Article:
Chapter 19: Time and Geology
•Geoscientists (that work in fields or with maps and illustrations in a laboratory) are
usually concerned with relative time (geologic processes are long), and they try to figure
out the sequence in which geologic events have occurred in the past.
oA geoscientist may be able to characterize how old a rock is relative to another
set of rocks (i.e: rocks near the surface (rock A) is younger than the rocks
underlying it (rock B), which is younger than the rock underlying that (rock C)
oBut this doesn’t tell us the EXACT age of the rock, which can be determined
using radioactive isotope dating.
oIsotopic dating has shown the North American craton to be between 4 billion
years and 1 billion years old.
Main Focus of chapter 19
•How can we apply some basic principles to figure out the sequence in which geologic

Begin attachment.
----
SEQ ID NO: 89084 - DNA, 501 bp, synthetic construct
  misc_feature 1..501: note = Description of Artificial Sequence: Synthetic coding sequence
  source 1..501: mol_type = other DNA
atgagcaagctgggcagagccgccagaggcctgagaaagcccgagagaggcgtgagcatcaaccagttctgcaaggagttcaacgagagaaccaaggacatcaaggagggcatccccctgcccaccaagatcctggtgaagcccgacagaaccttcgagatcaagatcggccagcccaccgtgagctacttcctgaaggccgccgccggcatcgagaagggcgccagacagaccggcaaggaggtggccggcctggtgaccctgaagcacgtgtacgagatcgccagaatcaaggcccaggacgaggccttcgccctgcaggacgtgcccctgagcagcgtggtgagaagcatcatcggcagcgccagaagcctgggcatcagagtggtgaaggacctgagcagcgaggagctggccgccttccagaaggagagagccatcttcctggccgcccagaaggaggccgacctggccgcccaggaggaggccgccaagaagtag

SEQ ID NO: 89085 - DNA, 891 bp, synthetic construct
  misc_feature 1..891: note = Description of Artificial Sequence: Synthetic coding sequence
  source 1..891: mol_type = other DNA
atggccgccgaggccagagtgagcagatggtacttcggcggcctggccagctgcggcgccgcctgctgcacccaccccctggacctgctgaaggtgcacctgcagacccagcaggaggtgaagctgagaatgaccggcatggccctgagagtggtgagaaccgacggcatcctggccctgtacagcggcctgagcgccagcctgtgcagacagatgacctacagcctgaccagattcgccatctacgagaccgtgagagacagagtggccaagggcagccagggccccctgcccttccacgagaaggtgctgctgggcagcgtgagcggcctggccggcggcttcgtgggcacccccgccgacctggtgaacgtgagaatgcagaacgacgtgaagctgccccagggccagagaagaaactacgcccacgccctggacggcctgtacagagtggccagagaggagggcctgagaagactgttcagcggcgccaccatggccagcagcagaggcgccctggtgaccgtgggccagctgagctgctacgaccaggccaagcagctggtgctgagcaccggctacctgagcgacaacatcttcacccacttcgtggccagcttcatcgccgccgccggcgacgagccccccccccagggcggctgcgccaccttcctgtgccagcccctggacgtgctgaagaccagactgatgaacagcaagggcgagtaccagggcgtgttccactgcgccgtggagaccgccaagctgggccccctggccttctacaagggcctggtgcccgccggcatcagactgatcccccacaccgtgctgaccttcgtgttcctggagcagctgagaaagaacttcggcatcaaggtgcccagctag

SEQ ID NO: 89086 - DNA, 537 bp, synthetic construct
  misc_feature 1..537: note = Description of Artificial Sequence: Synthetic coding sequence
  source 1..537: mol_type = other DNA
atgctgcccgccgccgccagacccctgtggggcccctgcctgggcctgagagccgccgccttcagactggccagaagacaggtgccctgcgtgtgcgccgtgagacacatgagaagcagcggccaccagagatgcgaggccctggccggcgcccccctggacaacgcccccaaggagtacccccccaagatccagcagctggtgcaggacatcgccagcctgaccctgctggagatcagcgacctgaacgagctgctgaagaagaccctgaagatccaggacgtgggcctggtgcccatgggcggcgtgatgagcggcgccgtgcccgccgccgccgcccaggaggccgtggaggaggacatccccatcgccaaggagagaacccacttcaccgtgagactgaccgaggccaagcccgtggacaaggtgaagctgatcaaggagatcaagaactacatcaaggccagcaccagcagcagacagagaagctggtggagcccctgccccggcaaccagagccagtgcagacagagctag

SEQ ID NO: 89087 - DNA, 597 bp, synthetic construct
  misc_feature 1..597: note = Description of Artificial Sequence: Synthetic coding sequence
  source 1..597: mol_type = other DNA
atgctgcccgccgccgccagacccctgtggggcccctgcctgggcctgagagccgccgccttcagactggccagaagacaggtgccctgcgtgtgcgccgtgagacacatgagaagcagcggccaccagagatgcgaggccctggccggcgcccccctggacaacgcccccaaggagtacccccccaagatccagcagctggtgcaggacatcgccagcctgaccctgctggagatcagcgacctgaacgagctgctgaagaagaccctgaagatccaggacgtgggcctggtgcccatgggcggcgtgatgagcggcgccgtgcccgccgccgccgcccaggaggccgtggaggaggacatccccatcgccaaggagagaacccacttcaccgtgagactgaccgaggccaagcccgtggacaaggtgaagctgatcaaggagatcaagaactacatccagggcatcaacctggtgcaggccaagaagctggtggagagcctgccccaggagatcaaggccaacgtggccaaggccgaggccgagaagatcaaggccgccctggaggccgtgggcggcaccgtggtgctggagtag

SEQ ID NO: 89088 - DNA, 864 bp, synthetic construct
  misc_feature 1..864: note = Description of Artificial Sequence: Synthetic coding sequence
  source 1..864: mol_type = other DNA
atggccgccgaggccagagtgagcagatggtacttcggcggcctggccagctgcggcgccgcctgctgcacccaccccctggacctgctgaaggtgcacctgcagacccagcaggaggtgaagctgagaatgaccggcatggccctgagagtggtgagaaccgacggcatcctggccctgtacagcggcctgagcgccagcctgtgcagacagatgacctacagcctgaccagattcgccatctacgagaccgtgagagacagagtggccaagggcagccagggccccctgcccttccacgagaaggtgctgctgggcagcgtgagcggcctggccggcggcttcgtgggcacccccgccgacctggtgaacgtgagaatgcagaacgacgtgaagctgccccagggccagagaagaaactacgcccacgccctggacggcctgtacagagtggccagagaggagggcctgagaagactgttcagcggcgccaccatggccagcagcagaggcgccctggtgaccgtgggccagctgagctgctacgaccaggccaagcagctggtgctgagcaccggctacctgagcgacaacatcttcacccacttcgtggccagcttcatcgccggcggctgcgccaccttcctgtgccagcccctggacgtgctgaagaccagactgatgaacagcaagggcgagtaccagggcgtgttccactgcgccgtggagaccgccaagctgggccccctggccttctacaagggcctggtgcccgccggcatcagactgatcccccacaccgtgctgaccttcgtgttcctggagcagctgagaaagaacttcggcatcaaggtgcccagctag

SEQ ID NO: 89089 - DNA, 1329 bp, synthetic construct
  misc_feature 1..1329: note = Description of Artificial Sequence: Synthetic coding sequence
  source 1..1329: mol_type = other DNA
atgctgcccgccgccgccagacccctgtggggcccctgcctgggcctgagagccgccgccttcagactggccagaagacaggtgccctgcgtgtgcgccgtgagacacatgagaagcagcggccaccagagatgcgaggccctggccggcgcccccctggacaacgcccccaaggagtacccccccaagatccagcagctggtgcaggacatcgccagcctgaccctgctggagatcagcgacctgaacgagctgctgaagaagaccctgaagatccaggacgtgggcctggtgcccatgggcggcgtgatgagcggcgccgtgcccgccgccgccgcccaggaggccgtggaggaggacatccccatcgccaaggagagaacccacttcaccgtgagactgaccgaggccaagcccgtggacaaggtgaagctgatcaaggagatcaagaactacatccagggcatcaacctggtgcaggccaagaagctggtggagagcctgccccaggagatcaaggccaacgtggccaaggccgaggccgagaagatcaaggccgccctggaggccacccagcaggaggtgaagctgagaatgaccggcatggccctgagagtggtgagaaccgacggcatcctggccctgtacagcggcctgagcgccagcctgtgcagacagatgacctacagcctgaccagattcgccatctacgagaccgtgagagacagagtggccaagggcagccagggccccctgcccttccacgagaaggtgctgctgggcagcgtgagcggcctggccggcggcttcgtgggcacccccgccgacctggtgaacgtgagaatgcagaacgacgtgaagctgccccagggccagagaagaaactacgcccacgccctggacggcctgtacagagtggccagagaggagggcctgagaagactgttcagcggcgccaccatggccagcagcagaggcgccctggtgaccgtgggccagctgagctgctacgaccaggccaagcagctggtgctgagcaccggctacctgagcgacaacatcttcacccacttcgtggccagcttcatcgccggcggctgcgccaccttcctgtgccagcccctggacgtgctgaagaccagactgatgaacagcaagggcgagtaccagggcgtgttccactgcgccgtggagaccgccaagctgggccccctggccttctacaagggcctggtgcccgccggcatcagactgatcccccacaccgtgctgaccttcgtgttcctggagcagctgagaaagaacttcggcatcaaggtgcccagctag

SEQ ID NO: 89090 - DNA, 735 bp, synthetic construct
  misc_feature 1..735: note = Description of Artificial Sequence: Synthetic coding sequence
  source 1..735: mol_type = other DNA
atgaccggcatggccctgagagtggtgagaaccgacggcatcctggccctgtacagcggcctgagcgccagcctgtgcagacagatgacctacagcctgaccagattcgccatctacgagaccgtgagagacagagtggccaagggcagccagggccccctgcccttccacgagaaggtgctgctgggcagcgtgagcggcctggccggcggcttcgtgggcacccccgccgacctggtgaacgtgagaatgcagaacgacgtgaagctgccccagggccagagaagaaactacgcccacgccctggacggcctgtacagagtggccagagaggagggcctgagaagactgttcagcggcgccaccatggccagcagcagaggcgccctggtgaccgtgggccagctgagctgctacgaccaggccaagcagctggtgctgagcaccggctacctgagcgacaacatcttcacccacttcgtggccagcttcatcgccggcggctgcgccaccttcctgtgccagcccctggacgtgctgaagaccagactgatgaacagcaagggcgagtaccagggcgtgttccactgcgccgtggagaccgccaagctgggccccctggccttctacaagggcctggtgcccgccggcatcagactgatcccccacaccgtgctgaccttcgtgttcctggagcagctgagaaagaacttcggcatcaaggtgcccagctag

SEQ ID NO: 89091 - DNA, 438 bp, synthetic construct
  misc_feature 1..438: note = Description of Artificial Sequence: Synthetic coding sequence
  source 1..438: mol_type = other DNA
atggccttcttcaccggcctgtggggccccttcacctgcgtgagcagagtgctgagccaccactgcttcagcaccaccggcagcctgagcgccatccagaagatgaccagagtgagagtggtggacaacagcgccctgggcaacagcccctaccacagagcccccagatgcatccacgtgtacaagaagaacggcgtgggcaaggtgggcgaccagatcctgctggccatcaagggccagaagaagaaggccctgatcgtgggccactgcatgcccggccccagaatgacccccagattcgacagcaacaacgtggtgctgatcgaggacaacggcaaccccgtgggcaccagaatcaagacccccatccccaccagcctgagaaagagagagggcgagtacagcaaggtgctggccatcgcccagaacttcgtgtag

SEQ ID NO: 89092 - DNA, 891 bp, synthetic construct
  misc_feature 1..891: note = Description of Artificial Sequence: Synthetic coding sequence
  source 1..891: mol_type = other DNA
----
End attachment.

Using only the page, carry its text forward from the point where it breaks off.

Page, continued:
events have taken place?
•It is not only important to know how old rocks are relative to one another, but to figure
out the actual age of the rock. This helps us compare rocks that are geologically
separated. By doing so, we can understand the history of a region, the continent and the
•The plate tectonics theory depends on intercontinental correlation of rock units and
•Fossil use has helped us identify certain strata that recurred in the same order. (Note:
Strata is defined as a thin layer of rock)
oThis helped geologists identify stratigraphic successions and eventually allows
the creation of the standard geologic time scale.
•Prior to the 1800’s the earth was thought to have created in merely 6,000 years. It was
thought that the features we observe in rocks and landscapes were created
supernaturally and the formation of the earth was placed in biblical chronology. Some
marine fossils that we find on mountains were believed to have gotten there through a
large flood that affected the entire world, and reached to the top of mountains (Noah’s
•However, James Hutton (father of modern geology) argued that the geological features
in the past can be explained using present-day processes. Thus, he concluded that the